Even so, Mr Xi’s authority remains hemmed in. True, his position at the highest level looks secure. But among the next layer of the elite, he has surprisingly few backers. Victor Shih of the University of California, San Diego, has tracked the various job-related and personal connections between the 205 full members of the party’s Central Committee, which embodies the broader elite. The body rubber-stamps Mr Xi’s decisions (there have been no recent rumours of open dissent within it). But the president needs enthusiastic support, as well as just a show of hands, to get his policies—such as badly needed economic reforms—implemented. According to Mr Shih, the president’s faction accounts for just 6% of the group. That does not help.

Admittedly, this number should not be taken too literally: it is difficult to assign affiliations to many of the committee’s members. Doubtless, too, many members who are not in Mr Xi’s network support the president out of ambition or fear. Still, Mr Xi can rely on remarkably few loyal supporters in the Central Committee because he did not choose its members. They were selected at the same time he was chosen as party leader in 2012, a process overseen by the dominant figures of that period, Mr Hu and the long-retired Mr Jiang.

Most people who laud China’s autocratic success conveniently choose to ignore two important facts:

  1. That China’s rulers, at least since the late 1970s, have not been totally unaccountable. The country is a dictatorship by committee. And a large committee at that. It is not a personalist one man show.
  2. The the Chinese party-state works tirelessly to reduce the cost of compliance among its citizens — through conscious state building, coercion, and public services.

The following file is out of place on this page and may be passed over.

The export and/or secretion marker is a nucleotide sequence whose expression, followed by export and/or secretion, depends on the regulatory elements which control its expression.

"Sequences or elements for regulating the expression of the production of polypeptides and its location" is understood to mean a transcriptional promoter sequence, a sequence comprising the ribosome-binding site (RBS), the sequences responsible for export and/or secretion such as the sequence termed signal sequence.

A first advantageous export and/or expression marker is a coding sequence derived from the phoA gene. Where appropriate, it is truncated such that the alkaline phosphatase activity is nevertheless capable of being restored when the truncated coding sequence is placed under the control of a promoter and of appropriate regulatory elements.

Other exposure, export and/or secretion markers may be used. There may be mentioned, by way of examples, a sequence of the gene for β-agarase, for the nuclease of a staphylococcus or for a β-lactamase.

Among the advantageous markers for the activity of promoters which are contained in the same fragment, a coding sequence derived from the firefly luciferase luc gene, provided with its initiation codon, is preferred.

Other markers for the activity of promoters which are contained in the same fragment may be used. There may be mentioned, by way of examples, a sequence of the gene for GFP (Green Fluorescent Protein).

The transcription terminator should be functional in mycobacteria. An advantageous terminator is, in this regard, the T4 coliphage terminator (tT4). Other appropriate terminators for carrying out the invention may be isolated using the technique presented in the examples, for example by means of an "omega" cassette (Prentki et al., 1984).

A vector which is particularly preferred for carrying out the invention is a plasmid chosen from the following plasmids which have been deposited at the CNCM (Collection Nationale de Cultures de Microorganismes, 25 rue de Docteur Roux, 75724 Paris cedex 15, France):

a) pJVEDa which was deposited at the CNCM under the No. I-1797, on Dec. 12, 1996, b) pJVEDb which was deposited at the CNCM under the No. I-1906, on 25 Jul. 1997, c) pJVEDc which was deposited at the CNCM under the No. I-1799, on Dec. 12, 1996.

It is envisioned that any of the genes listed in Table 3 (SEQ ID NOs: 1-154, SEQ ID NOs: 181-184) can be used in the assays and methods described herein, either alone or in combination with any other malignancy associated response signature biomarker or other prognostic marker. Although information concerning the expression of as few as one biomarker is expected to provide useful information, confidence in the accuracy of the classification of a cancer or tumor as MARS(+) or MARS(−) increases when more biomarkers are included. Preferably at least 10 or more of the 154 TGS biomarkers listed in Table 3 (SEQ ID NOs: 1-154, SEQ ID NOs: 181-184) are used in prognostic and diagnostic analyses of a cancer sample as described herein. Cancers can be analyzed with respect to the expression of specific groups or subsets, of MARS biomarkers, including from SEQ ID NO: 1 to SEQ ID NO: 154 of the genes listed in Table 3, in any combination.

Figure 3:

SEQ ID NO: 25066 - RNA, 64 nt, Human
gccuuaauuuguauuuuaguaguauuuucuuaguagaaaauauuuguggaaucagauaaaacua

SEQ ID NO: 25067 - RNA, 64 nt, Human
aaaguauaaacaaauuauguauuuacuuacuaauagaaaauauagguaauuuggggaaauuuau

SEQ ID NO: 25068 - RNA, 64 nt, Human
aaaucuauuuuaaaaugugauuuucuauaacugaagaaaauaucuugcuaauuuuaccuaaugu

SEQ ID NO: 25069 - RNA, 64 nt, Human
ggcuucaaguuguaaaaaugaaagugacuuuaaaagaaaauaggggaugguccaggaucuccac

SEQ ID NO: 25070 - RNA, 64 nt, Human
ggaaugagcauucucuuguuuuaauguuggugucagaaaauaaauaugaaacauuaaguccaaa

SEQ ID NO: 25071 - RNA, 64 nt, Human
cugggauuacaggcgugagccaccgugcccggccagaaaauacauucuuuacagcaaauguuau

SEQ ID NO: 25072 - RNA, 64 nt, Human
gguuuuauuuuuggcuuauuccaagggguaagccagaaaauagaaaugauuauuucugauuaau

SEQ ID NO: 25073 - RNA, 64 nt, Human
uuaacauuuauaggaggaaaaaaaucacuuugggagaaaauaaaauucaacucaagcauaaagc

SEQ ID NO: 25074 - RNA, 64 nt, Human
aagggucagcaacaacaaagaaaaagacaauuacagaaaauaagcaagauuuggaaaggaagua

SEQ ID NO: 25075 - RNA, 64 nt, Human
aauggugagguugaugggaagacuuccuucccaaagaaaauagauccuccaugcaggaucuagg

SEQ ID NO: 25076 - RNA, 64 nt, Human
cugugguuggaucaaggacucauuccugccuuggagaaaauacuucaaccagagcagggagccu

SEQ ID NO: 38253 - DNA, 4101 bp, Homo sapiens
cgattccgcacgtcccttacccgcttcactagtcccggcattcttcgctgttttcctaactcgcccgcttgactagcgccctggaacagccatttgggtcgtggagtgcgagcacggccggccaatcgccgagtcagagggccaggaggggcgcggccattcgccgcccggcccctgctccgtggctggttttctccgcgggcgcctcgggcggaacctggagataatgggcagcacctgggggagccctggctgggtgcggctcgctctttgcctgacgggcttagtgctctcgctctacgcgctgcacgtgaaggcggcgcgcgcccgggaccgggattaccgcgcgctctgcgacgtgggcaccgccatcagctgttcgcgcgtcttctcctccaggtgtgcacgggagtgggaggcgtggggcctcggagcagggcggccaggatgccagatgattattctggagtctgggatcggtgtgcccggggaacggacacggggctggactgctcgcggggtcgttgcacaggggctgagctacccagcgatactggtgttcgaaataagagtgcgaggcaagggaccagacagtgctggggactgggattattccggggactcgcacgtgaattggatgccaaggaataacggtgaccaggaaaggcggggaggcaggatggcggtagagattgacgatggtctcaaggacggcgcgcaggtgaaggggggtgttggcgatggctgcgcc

What this means is that in order to replicate China’s autocratic success, would be little Chinas must invest in both state capacity and intra-elite accountability (perhaps by building strong, institutionalized parties).

Absent this, what you are likely to get are mediocre petty tyrants running disorganized non-states with infant mortality rates straight out of the 16th century.

More on the heights of nations (Are Africans really getting shorter?)

The height study has received a lot of press in the last few days. But Frances Woolley warns against taking its conclusions wholesale:

There is no data at all for people born before 1916. The first 20 years of “sprouting up” are generated by assuming that the 1896 to 1916 period was characterized by the same kind of increase in height as later periods. The data for the people born just after 1916 comes from surveys carried out in 1998 or later – i.e. from measurements of the heights of people up to 80 years old. To estimate the average height, at age 18, of people born in 1918 by observing that cohort in 1998 when they are 80 years old involves some heroic assumptions – assumptions about shrinkage with age, survival rates, etc. It would make a lot more sense to choose a shorter time span for the analysis, and give results that involved a bit less guesswork.

Is this bad science? I would say yes. It’s bad science because it oversells the results. The article overstates both the amount of height data the research team has (it’s not a century, in many cases it’s more like 50 to 75 years, especially for women), and also how recent the data is (in most cases the data is not for the 1996 birth cohort, but rather for earlier birth cohorts). It’s bad science because it presents headline grabbing results – and makes them readily available to journalists – without attempting to convey, in ways that are easy for reporters to understand, the amount of uncertainty associated with those results. Are Latvian women tall? Yes. Are they the tallest in the world? We can’t know that for sure unless we know the margin of error associated with the estimates of Latvian, Dutch, and other groups’ heights. It’s hard to put a standard error around the results of complicated projections – but that’s an argument against making complicated projections, and disseminating them to reporters, not against reporting standard errors.

More on this here.

H/T R. Briggs.